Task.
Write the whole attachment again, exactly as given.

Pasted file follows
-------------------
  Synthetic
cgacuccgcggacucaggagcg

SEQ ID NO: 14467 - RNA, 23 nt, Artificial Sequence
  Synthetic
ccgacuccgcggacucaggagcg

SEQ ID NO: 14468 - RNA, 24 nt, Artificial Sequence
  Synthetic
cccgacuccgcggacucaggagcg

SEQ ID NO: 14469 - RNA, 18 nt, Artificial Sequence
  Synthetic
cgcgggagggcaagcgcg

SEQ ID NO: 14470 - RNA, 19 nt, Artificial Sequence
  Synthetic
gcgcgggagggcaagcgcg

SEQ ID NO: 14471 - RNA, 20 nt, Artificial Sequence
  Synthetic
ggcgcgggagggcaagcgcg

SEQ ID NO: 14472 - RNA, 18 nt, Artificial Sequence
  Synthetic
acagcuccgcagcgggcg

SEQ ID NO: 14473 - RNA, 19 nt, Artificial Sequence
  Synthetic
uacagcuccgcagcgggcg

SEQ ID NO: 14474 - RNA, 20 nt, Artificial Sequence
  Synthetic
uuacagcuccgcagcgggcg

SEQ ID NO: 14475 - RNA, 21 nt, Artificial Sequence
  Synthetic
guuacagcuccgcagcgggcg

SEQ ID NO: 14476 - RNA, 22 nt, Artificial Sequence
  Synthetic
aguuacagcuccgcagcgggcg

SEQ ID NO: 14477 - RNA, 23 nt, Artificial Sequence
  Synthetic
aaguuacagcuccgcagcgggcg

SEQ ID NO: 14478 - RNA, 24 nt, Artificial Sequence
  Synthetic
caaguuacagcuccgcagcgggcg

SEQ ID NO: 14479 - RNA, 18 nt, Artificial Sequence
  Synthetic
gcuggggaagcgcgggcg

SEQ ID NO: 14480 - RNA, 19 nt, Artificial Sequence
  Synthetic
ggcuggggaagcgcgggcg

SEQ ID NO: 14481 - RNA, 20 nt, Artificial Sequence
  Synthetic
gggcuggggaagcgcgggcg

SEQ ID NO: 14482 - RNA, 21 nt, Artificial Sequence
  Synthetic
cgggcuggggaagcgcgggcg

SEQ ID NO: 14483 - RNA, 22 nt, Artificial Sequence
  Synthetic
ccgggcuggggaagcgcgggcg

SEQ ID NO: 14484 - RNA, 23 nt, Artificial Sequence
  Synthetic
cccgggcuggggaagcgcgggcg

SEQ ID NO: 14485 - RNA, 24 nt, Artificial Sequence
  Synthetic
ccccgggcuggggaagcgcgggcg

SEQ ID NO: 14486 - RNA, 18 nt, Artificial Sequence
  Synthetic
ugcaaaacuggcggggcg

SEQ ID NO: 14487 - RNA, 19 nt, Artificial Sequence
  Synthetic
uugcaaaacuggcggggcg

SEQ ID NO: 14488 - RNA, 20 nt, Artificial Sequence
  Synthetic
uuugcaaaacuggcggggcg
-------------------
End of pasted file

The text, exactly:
  Synthetic
cgacuccgcggacucaggagcg

SEQ ID NO: 14467 - RNA, 23 nt, Artificial Sequence
  Synthetic
ccgacuccgcggacucaggagcg

SEQ ID NO: 14468 - RNA, 24 nt, Artificial Sequence
  Synthetic
cccgacuccgcggacucaggagcg

SEQ ID NO: 14469 - RNA, 18 nt, Artificial Sequence
  Synthetic
cgcgggagggcaagcgcg

SEQ ID NO: 14470 - RNA, 19 nt, Artificial Sequence
  Synthetic
gcgcgggagggcaagcgcg

SEQ ID NO: 14471 - RNA, 20 nt, Artificial Sequence
  Synthetic
ggcgcgggagggcaagcgcg

SEQ ID NO: 14472 - RNA, 18 nt, Artificial Sequence
  Synthetic
acagcuccgcagcgggcg

SEQ ID NO: 14473 - RNA, 19 nt, Artificial Sequence
  Synthetic
uacagcuccgcagcgggcg

SEQ ID NO: 14474 - RNA, 20 nt, Artificial Sequence
  Synthetic
uuacagcuccgcagcgggcg

SEQ ID NO: 14475 - RNA, 21 nt, Artificial Sequence
  Synthetic
guuacagcuccgcagcgggcg

SEQ ID NO: 14476 - RNA, 22 nt, Artificial Sequence
  Synthetic
aguuacagcuccgcagcgggcg

SEQ ID NO: 14477 - RNA, 23 nt, Artificial Sequence
  Synthetic
aaguuacagcuccgcagcgggcg

SEQ ID NO: 14478 - RNA, 24 nt, Artificial Sequence
  Synthetic
caaguuacagcuccgcagcgggcg

SEQ ID NO: 14479 - RNA, 18 nt, Artificial Sequence
  Synthetic
gcuggggaagcgcgggcg

SEQ ID NO: 14480 - RNA, 19 nt, Artificial Sequence
  Synthetic
ggcuggggaagcgcgggcg

SEQ ID NO: 14481 - RNA, 20 nt, Artificial Sequence
  Synthetic
gggcuggggaagcgcgggcg

SEQ ID NO: 14482 - RNA, 21 nt, Artificial Sequence
  Synthetic
cgggcuggggaagcgcgggcg

SEQ ID NO: 14483 - RNA, 22 nt, Artificial Sequence
  Synthetic
ccgggcuggggaagcgcgggcg

SEQ ID NO: 14484 - RNA, 23 nt, Artificial Sequence
  Synthetic
cccgggcuggggaagcgcgggcg

SEQ ID NO: 14485 - RNA, 24 nt, Artificial Sequence
  Synthetic
ccccgggcuggggaagcgcgggcg

SEQ ID NO: 14486 - RNA, 18 nt, Artificial Sequence
  Synthetic
ugcaaaacuggcggggcg

SEQ ID NO: 14487 - RNA, 19 nt, Artificial Sequence
  Synthetic
uugcaaaacuggcggggcg

SEQ ID NO: 14488 - RNA, 20 nt, Artificial Sequence
  Synthetic
uuugcaaaacuggcggggcg